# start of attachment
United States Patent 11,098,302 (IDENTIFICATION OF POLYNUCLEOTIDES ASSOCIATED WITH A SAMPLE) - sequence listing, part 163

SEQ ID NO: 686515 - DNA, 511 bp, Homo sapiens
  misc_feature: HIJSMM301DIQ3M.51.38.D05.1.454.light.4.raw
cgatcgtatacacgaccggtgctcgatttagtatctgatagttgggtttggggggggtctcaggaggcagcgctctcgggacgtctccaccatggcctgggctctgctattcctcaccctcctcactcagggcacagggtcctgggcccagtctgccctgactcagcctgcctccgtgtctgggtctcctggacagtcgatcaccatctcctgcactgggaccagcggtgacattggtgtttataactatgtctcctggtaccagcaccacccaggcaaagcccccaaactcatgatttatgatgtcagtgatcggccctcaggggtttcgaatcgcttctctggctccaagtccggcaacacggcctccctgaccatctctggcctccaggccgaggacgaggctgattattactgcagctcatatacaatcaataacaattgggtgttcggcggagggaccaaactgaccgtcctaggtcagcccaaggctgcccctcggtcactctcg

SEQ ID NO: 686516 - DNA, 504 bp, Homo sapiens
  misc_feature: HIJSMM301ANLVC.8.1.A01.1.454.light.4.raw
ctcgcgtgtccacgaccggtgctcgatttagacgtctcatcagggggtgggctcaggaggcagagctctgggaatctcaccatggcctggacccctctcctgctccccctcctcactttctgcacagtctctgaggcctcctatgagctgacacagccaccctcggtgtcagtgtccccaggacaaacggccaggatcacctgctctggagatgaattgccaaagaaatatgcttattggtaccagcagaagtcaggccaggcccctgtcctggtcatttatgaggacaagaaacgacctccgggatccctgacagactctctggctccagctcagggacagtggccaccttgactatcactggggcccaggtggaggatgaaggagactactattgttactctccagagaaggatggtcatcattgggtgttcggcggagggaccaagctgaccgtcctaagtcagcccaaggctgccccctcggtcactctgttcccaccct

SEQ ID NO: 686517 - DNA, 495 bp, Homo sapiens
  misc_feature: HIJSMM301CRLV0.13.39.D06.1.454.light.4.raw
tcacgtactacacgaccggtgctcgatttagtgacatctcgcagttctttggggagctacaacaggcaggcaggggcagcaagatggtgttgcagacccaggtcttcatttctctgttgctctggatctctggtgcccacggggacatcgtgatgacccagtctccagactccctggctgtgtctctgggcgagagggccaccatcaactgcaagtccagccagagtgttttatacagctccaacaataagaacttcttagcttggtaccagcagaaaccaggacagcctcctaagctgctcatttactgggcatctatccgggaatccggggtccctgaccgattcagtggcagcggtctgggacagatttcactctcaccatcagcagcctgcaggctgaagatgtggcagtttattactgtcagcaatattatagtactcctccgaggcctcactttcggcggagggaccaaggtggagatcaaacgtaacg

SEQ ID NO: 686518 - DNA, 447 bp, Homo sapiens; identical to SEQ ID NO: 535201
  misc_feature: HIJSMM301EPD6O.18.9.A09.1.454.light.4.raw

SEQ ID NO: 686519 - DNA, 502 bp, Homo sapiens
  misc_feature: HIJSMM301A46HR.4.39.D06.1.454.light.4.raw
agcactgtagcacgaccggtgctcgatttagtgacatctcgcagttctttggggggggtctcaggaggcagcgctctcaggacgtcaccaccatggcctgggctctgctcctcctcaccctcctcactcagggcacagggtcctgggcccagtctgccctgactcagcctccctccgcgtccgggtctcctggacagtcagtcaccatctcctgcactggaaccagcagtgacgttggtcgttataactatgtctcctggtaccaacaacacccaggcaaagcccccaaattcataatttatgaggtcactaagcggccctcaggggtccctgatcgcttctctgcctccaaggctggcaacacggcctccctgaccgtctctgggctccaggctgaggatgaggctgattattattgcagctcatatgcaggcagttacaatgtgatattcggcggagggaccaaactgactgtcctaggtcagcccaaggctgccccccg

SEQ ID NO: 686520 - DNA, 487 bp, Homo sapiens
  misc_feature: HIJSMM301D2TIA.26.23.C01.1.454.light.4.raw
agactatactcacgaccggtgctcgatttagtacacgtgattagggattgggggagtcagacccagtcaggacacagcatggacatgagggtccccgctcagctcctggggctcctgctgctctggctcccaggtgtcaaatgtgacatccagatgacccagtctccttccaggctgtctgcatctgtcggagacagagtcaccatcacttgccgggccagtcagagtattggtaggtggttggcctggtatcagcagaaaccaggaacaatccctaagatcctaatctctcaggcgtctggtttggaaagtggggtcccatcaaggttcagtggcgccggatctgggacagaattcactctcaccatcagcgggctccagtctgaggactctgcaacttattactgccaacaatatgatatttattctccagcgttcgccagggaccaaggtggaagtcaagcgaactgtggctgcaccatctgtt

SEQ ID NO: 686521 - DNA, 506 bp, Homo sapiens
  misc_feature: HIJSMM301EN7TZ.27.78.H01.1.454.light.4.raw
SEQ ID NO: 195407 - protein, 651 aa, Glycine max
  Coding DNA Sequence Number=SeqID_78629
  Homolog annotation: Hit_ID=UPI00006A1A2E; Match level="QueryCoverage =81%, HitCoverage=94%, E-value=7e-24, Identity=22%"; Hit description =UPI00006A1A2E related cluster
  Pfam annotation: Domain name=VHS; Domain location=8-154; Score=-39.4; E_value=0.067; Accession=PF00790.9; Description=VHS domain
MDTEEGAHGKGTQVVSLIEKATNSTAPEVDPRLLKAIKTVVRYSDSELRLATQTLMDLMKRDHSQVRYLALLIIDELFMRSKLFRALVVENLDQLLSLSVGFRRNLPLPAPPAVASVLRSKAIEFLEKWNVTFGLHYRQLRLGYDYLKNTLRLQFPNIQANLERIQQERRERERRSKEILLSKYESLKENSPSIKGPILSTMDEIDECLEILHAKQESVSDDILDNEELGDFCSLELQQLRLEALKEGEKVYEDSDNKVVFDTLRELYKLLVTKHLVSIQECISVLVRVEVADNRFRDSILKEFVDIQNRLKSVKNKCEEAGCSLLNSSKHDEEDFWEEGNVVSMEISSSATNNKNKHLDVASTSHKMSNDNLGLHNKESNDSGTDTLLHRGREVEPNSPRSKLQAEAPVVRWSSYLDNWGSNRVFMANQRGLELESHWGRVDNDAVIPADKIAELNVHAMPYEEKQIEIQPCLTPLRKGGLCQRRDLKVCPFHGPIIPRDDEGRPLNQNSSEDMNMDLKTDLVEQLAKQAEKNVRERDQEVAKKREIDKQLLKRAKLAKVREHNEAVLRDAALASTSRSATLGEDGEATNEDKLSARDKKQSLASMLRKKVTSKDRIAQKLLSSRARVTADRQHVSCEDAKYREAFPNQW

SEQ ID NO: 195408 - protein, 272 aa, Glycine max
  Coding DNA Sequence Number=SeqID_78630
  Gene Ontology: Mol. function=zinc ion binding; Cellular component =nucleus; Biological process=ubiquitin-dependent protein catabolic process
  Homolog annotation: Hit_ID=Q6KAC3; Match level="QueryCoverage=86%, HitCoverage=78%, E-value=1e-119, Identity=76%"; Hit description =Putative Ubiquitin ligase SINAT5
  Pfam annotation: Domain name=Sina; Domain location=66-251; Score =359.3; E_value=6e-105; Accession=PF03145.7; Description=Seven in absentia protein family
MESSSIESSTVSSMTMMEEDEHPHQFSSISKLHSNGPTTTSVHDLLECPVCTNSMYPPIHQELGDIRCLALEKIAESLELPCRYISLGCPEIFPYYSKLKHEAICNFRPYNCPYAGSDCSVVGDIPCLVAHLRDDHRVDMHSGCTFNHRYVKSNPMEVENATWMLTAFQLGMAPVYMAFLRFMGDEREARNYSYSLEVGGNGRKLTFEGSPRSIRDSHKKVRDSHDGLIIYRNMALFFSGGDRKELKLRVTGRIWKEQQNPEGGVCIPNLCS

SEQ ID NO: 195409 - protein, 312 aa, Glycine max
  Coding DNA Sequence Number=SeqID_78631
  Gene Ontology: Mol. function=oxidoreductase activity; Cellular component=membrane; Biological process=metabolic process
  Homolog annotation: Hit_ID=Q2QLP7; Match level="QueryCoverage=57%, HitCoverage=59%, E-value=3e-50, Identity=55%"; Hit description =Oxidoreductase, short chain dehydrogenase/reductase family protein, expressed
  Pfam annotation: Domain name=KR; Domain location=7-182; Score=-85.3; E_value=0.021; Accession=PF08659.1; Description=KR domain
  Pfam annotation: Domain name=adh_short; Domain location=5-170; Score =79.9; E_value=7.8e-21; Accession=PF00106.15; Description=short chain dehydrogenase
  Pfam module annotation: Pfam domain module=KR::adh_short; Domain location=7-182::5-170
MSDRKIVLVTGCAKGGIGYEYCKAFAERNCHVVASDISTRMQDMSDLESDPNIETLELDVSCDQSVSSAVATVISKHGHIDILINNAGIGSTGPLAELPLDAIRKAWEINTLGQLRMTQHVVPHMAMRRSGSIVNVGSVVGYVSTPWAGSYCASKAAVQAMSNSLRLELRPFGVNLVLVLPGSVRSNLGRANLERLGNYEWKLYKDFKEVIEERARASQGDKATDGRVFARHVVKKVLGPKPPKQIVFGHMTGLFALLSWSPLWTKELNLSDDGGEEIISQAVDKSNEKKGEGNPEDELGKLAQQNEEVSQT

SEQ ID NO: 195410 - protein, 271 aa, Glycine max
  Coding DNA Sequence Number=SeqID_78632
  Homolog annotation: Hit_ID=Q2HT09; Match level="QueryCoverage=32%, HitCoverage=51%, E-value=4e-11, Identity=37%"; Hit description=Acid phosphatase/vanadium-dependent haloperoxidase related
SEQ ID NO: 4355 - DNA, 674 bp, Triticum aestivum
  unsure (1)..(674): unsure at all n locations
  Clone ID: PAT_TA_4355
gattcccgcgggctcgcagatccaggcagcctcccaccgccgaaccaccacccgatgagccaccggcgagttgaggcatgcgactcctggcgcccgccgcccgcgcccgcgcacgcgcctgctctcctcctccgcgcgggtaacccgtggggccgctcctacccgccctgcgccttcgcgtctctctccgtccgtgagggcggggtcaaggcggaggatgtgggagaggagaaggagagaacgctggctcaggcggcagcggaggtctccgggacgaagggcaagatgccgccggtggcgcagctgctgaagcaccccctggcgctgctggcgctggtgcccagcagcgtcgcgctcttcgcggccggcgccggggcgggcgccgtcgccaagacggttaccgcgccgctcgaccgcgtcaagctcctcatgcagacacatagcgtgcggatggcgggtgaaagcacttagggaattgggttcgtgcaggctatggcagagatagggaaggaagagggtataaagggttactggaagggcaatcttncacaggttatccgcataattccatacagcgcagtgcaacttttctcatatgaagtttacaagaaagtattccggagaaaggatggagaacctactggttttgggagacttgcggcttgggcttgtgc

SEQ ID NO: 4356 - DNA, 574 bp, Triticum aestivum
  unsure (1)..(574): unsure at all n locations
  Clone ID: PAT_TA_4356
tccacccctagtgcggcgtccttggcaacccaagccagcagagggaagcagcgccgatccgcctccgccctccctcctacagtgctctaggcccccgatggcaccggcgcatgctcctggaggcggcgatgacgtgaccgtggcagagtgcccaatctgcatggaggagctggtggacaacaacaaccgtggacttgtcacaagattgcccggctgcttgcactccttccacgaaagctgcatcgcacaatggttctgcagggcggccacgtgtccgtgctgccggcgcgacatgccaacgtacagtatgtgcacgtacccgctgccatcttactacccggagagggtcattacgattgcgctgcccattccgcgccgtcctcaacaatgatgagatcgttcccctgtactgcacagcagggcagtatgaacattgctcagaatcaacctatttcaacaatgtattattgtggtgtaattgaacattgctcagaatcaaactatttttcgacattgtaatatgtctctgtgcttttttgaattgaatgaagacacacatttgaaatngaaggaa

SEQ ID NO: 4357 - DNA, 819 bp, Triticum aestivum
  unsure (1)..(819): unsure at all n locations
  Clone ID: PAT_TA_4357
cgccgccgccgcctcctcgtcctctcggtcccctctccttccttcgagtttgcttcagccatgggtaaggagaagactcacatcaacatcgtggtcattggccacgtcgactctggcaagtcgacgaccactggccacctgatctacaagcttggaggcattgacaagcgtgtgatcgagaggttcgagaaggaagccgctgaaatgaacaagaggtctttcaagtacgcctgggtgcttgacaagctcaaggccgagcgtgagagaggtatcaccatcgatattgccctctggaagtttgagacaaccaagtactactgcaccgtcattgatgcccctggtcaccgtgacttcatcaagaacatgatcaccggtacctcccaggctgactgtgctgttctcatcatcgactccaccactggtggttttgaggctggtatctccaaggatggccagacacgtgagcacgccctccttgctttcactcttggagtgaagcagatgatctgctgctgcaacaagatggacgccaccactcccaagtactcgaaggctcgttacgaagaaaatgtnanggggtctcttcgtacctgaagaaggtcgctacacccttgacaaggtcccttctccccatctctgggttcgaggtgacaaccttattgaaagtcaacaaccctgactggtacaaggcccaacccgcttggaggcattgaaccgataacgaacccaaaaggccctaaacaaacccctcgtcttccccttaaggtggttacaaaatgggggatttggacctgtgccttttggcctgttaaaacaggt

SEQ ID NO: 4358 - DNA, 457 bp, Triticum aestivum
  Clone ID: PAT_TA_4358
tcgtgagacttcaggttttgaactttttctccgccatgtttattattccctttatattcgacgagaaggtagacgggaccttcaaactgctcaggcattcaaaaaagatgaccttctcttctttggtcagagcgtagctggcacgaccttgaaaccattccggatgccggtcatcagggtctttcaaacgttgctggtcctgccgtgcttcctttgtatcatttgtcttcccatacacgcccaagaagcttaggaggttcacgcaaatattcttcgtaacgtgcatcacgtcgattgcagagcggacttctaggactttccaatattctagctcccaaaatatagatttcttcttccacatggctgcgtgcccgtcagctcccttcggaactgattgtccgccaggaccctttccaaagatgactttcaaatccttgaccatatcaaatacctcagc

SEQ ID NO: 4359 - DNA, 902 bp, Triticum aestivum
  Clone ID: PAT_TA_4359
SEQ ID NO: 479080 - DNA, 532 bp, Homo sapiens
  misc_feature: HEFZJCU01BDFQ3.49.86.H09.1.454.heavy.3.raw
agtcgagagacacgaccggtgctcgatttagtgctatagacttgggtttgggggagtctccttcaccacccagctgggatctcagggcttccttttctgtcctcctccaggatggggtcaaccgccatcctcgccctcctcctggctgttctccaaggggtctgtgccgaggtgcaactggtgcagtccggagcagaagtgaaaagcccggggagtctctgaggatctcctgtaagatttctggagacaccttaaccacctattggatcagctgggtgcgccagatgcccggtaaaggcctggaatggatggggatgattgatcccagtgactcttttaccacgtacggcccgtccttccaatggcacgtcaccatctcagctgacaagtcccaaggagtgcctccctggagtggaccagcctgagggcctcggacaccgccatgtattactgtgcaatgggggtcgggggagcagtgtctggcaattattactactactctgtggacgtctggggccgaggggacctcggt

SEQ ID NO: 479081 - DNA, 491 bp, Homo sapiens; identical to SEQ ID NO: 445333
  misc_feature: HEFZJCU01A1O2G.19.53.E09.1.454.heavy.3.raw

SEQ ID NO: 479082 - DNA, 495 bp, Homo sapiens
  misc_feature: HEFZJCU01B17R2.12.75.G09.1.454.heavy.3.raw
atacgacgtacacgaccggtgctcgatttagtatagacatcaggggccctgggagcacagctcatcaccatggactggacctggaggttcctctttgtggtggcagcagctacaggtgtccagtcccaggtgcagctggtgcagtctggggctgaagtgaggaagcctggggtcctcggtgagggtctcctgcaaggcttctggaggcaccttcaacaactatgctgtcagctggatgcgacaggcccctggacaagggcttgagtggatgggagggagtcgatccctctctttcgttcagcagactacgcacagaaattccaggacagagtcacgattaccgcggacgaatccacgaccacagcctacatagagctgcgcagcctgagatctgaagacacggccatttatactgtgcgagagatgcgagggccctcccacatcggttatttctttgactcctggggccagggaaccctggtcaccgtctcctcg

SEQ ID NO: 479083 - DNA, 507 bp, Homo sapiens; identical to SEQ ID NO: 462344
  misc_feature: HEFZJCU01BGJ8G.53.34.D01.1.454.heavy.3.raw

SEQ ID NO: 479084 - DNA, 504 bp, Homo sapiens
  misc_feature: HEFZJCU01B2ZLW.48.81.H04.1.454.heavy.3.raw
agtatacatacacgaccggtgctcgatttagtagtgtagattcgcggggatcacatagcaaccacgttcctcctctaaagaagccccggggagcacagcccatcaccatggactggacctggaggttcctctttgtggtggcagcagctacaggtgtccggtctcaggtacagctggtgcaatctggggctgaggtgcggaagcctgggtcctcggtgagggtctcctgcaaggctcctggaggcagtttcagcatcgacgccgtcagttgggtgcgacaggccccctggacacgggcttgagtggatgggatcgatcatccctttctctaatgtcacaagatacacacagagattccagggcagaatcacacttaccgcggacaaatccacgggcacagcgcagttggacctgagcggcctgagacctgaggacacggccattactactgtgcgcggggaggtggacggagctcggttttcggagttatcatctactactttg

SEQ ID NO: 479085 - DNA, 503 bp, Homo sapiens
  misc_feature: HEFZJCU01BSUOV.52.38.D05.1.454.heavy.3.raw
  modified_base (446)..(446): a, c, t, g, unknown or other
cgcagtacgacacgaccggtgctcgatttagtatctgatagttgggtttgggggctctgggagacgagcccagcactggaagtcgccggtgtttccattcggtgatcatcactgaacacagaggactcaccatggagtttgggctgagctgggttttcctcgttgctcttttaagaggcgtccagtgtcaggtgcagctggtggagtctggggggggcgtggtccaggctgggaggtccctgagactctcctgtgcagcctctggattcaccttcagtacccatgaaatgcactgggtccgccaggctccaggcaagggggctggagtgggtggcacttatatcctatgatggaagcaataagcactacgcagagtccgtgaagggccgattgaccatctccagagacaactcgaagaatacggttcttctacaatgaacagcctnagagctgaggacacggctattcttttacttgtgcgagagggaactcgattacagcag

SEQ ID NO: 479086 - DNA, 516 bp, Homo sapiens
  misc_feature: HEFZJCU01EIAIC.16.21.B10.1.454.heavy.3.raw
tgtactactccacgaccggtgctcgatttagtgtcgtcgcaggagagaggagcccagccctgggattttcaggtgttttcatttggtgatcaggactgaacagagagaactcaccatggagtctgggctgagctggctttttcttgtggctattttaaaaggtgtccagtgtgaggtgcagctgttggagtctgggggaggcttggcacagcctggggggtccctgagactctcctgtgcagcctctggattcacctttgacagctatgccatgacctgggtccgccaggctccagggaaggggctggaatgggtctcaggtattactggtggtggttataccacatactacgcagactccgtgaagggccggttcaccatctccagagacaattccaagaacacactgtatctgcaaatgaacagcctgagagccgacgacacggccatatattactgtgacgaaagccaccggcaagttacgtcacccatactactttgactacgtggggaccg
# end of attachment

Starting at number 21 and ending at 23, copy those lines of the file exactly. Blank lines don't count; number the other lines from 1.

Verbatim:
SEQ ID NO: 195407 - protein, 651 aa, Glycine max
  Coding DNA Sequence Number=SeqID_78629
  Homolog annotation: Hit_ID=UPI00006A1A2E; Match level="QueryCoverage =81%, HitCoverage=94%, E-value=7e-24, Identity=22%"; Hit description =UPI00006A1A2E related cluster